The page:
Indian names are as follows:
Hindi:Arom Kafoor, Kapoor
Camphor or Karpoor is well known for its aroma. In fact it is well known all over the world and is part of various religious and social rituals in entire Oriental world. However very few of us know that it is of plant origin.
The plant grows up to a height of 10 to 15 meters having small leaves, very thin and having three veins. Flowers are small, greenish yellow in color and appear during February/March. It has good aroma. Fruits appear there after resembles plum but having very thin skin. Seeds yield fatty oil and the flowers nectar. The wood extract yields a white crystal, which sold as camphor or karpoor. A plant yields 4 to 5 kgs of crystal.
The plant yields besides camphor, d-r-pinene, dipentene, terpineol, caryophyllene, cineol, l-linalool, geraniol, cadinene, safrole and camphoracene, all are odorous aromatics.
Flowers yield nectar hence gives honey. The quality of honey is good having commercial demand. Beeping can be effectively planned during flowering season.
Seed yield 42 % fatty oil. The oil contains 95% Lauric acid and 5% Oleic acid. Saponification value of the oil is 272.3 and its Iodine value is 4.0. it contains o.8% of Unsaponifiable matter.
Traditional folk practitioners use the oil as medicine. It can be used for manufacture of soap up to limited extent. Due to high proportion of Lauric acid, however, it may create problem of graining during the manufacture of soap. On the other hand, the presence of high proportion of Lauric acid shall not only ensure better foaming property but also ensure better dazzle of the skin. The oil can be used for manufacture of foam booster, glycerol and cosmetics.
Oil cake can be used for manufacture of industrial adhesives, plastics etc. it can be a good manure too. It can be further value added if the cake is used as feed to vermicomposting. It can also be used for manufacture of foam booster.
The plant yields much valued camphor crystals. Camphor is used in incense sticks for aroma, as mosquito repellant, for manufacture of cosmetics, in pharmaceutical industries and as perfume to soap etc. Camphor crystals are popularly used in India for flavoring food items, especially sweet dishes. In Orissa, particularly in coastal region, sweet dishes prepared out of coconut pulp (the dish is popular as 'Kora') and sweet dishes prepared out of puffed rice (popularly known as 'Ukhura') are well known for the special flavor especially due to flavor of camphor. In Bengal and many other neighboring states camphor is often added in sweet dishes made out of milk such as 'Kheer'. In some of the vegetable dishes also camphor is added for flavor and taste. Camphor is frequently added to dishes prepared as offerings to deities during various rituals, which are ultimately consumed.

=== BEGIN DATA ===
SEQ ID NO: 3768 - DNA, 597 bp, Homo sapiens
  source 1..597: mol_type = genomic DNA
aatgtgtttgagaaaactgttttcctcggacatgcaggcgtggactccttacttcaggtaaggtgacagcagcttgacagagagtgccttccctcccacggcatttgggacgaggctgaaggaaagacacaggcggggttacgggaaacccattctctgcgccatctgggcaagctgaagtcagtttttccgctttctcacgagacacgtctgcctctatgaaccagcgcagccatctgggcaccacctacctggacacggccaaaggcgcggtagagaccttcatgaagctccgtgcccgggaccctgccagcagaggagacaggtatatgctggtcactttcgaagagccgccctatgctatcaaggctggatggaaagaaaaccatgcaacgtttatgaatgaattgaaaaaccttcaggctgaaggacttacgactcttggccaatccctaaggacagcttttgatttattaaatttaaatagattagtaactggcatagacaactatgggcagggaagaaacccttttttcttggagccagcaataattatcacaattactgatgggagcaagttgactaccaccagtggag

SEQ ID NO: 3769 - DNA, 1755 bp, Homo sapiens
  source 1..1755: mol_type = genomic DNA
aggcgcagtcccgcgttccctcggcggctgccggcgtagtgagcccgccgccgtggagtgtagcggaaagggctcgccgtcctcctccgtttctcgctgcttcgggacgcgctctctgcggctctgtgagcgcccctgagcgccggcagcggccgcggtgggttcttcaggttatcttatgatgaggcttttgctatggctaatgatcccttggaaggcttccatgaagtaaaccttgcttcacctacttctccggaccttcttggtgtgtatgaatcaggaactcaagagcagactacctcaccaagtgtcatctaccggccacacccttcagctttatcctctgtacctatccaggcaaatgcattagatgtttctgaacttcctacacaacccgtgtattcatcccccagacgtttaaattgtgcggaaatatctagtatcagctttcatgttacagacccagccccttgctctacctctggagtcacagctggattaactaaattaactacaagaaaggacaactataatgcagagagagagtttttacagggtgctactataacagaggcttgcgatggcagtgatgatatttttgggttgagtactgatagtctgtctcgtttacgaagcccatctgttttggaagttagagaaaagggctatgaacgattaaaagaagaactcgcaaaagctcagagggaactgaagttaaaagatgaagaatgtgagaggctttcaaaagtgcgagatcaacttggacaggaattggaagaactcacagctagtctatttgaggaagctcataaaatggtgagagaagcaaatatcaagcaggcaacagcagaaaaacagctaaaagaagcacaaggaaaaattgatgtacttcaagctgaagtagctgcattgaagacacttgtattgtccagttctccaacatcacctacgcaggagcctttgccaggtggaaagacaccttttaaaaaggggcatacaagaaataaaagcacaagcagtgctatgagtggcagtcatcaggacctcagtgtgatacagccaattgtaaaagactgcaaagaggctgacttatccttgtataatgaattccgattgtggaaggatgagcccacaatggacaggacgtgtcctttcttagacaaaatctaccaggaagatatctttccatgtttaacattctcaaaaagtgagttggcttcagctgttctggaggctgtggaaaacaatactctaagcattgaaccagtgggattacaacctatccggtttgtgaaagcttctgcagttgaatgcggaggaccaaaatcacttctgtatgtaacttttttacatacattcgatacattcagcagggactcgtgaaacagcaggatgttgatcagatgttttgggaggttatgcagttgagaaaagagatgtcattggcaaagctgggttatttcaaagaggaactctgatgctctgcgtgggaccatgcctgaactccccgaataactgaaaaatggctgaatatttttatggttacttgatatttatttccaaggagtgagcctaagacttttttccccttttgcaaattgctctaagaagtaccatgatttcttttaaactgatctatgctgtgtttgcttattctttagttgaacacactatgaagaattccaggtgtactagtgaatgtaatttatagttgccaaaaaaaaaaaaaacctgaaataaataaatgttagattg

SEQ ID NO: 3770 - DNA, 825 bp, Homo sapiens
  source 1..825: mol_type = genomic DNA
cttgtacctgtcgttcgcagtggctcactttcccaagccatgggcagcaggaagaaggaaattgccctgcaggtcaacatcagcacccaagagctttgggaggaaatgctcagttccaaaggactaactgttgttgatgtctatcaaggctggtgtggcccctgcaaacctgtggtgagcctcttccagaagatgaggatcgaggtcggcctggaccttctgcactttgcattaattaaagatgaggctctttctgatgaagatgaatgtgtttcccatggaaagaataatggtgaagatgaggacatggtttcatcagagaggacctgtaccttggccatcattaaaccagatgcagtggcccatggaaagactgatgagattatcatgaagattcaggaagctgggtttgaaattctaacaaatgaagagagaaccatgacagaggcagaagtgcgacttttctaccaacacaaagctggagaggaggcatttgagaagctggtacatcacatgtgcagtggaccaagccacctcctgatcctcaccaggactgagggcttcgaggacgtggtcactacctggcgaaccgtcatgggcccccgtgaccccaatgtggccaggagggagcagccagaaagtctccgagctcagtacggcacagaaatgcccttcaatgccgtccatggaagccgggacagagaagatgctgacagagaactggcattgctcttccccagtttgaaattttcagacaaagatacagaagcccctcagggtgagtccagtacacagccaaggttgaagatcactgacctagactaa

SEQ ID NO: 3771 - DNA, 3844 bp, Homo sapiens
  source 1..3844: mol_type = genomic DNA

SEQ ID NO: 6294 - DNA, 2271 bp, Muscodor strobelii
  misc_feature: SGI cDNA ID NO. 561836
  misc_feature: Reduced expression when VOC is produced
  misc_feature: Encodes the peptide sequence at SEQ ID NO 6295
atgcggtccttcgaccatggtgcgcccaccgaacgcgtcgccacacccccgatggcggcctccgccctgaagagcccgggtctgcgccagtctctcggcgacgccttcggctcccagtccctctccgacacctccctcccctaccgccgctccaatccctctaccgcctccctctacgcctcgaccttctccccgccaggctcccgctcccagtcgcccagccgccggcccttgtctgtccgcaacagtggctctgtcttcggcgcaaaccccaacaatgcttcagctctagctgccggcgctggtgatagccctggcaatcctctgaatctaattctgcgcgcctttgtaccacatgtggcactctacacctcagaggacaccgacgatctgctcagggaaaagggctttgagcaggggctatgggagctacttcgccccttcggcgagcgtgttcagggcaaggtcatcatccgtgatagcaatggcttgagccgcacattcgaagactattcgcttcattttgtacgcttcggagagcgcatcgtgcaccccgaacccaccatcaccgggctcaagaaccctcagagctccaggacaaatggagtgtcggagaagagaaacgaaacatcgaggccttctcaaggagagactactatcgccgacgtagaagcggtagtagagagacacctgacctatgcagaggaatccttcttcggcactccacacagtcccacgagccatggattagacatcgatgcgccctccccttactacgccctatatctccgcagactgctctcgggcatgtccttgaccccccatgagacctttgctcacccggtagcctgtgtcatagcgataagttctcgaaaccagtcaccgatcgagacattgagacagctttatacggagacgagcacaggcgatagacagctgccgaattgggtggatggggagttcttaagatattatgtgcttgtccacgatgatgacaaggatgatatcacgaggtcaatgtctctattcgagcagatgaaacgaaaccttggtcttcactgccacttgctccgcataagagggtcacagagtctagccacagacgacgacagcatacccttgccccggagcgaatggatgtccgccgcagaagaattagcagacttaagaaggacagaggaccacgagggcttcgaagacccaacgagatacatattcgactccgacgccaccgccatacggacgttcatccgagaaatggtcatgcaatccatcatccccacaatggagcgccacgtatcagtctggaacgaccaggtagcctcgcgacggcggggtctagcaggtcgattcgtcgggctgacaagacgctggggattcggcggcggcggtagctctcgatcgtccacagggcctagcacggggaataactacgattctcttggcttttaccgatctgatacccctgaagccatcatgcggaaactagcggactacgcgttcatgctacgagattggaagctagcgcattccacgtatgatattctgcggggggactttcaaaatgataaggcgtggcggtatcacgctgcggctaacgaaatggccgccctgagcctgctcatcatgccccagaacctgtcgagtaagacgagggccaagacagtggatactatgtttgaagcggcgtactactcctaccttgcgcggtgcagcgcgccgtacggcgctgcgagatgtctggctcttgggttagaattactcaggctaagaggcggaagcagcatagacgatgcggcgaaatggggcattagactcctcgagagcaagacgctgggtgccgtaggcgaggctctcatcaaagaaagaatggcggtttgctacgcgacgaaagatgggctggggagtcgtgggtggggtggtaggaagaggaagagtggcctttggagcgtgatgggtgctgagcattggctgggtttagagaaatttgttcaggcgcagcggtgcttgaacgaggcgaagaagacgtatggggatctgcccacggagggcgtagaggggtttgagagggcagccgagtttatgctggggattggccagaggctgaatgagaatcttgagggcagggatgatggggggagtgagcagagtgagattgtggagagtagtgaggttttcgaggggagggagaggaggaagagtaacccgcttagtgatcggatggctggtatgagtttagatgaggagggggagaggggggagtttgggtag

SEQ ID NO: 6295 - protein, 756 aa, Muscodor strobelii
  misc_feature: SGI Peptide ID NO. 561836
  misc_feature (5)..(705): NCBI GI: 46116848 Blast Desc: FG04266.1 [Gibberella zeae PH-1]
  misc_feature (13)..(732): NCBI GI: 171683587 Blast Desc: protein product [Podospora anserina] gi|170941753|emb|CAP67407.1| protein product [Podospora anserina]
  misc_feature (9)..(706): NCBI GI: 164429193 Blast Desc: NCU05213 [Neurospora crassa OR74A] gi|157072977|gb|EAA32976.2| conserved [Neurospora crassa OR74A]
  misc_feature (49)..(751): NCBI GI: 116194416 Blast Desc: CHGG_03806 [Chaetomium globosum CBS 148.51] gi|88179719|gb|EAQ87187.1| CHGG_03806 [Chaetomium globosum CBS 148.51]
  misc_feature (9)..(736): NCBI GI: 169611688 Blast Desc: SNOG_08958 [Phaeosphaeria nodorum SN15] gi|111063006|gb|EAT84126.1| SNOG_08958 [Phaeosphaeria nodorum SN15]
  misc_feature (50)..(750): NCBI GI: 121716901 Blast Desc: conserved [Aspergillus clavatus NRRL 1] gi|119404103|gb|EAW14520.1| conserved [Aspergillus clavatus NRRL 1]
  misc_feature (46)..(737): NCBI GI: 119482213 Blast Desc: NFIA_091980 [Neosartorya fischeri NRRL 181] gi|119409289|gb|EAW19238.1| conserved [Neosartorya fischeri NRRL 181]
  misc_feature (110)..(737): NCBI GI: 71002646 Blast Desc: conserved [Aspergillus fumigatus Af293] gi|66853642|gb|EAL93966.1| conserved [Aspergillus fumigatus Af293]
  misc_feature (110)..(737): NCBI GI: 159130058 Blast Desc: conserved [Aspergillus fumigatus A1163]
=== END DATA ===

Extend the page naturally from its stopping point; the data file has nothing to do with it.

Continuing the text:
Use of camphor as medicine in India was known from 6th century onwards perhaps because Indians were not aware of the herb earlier. Only there after its references were available in various scriptures. There are references in Astangahridaya Samhita written by Bagbhatta. Chakrapani Dutta also made some references about camphor in his scriptures and documents.
During modern days camphor is being used as medicine frequently for various purposes. It is used both for internal and external applications. It is used for treatment of fever, whooping cough, asthma, mental diseases, cancer, urinary troubles and so on. It is used for preparing massage oil for external application to get relief from pain due to arthritis, rheumatism etc. It increases sexual excitement both in penis and vagina. However application of camphor as medicine should be done only in consultation with medical practitioners.
Considering all above background this plant may be effectively utilized for planning and implementing rural industrialization programme. Units may be for extraction of camphor crystals, or further value addition for manufacture of spices, medicines, cosmetics and so on.
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